Hello everyone, Happy Memorial Day weekend to America, and welcome one and all to What Are You Reading? This week we are joined by special guests Brandon Montclare and Amy Reeder, the creative team behind Halloween Eve and the upcoming Rocket Girl. I spoke to them earlier this month about Rocket Girl, which surpassed its Kickstarter goal but you still have some time to get in on the action and rewards.
To see what Brandon, Amy and the Robot 6 crew have been reading, click below.
Who’s your Green Lantern writer?
If you started reading the series in the ‘60s, odds are it was John Broome. He didn’t write every Green Lantern story of Hal Jordan’s first decade, but he was there for the character’s introduction (in September-October 1959′s Showcase #22), and he lasted until March 1970′s Green Lantern #75.
If you joined the Corps in the the ‘70s, your Green Lantern writer was Denny O’Neil, who had already written a few GL stories before getting the regular gig with the landmark Issue 76. He guided the feature through some rocky patches — including the book’s cancellation, its time as a backup feature in The Flash and its 1976 relaunch — before finally taking a bow with June 1980′s Issue 129.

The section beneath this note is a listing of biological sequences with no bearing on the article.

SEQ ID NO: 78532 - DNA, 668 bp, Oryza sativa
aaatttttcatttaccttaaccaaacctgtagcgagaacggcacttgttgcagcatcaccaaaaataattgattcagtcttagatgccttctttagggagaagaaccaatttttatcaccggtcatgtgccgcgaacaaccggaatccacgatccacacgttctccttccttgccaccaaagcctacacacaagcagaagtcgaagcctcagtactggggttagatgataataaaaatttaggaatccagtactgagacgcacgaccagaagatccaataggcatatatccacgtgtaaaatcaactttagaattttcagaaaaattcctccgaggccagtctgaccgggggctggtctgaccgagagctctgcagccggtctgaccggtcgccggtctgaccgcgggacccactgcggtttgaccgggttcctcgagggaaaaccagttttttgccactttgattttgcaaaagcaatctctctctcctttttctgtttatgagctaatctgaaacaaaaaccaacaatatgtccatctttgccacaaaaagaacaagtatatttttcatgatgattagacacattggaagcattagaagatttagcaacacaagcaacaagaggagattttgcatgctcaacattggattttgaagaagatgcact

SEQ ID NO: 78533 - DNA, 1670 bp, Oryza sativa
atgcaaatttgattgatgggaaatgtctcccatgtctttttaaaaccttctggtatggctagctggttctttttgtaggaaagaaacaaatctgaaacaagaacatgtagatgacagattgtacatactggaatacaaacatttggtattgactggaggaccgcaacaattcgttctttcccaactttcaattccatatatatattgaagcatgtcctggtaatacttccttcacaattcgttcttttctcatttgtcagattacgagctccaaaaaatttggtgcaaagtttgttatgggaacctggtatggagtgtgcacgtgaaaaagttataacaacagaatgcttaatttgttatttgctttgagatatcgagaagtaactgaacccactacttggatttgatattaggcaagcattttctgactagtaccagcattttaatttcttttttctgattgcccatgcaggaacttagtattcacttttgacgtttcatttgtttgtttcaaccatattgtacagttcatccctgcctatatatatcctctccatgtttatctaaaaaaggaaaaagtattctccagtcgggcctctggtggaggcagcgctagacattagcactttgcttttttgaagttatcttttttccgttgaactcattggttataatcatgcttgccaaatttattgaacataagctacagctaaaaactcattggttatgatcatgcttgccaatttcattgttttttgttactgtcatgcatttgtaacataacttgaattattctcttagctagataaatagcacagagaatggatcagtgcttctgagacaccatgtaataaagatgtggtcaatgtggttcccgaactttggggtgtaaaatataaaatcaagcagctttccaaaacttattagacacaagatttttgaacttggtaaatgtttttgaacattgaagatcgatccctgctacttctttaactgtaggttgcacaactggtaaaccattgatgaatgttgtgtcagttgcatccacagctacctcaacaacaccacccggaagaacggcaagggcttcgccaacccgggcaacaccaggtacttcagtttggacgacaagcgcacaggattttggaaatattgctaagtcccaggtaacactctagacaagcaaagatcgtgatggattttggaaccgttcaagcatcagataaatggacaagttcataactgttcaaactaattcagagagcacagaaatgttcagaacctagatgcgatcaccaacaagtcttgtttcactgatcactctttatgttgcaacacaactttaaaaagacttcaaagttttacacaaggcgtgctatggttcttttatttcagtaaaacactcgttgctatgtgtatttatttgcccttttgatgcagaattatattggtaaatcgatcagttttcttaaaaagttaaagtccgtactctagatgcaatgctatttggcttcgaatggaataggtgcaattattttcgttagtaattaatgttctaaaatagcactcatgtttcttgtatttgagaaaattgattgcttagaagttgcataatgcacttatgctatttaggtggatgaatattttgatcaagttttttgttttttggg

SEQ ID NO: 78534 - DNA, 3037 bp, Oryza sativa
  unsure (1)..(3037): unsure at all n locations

The ‘80s saw a parade of writers, including Marv Wolfman, Mike Barr, Len Wein and Steve Englehart (and in GL’s time as an Action Comics Weekly feature, Jim Owsley/Christopher Priest and Peter David). Each made his own contribution, be it Hal’s exile from Earth, John Stewart’s star turn, the Guardians’ sabbatical, or the enigmatic Lord Malvolio. The early ‘90s belonged to the neo-Silver Age stylings of Gerard Jones, and the balance of the decade was all Ron Marz and Kyle Rayner. Starting in 2000, Judd Winick took on Kyle for three years, then Ben Raab wrote a few issues, and Marz came back for one last crack at his creation.
And since then, it’s been all Geoff Johns.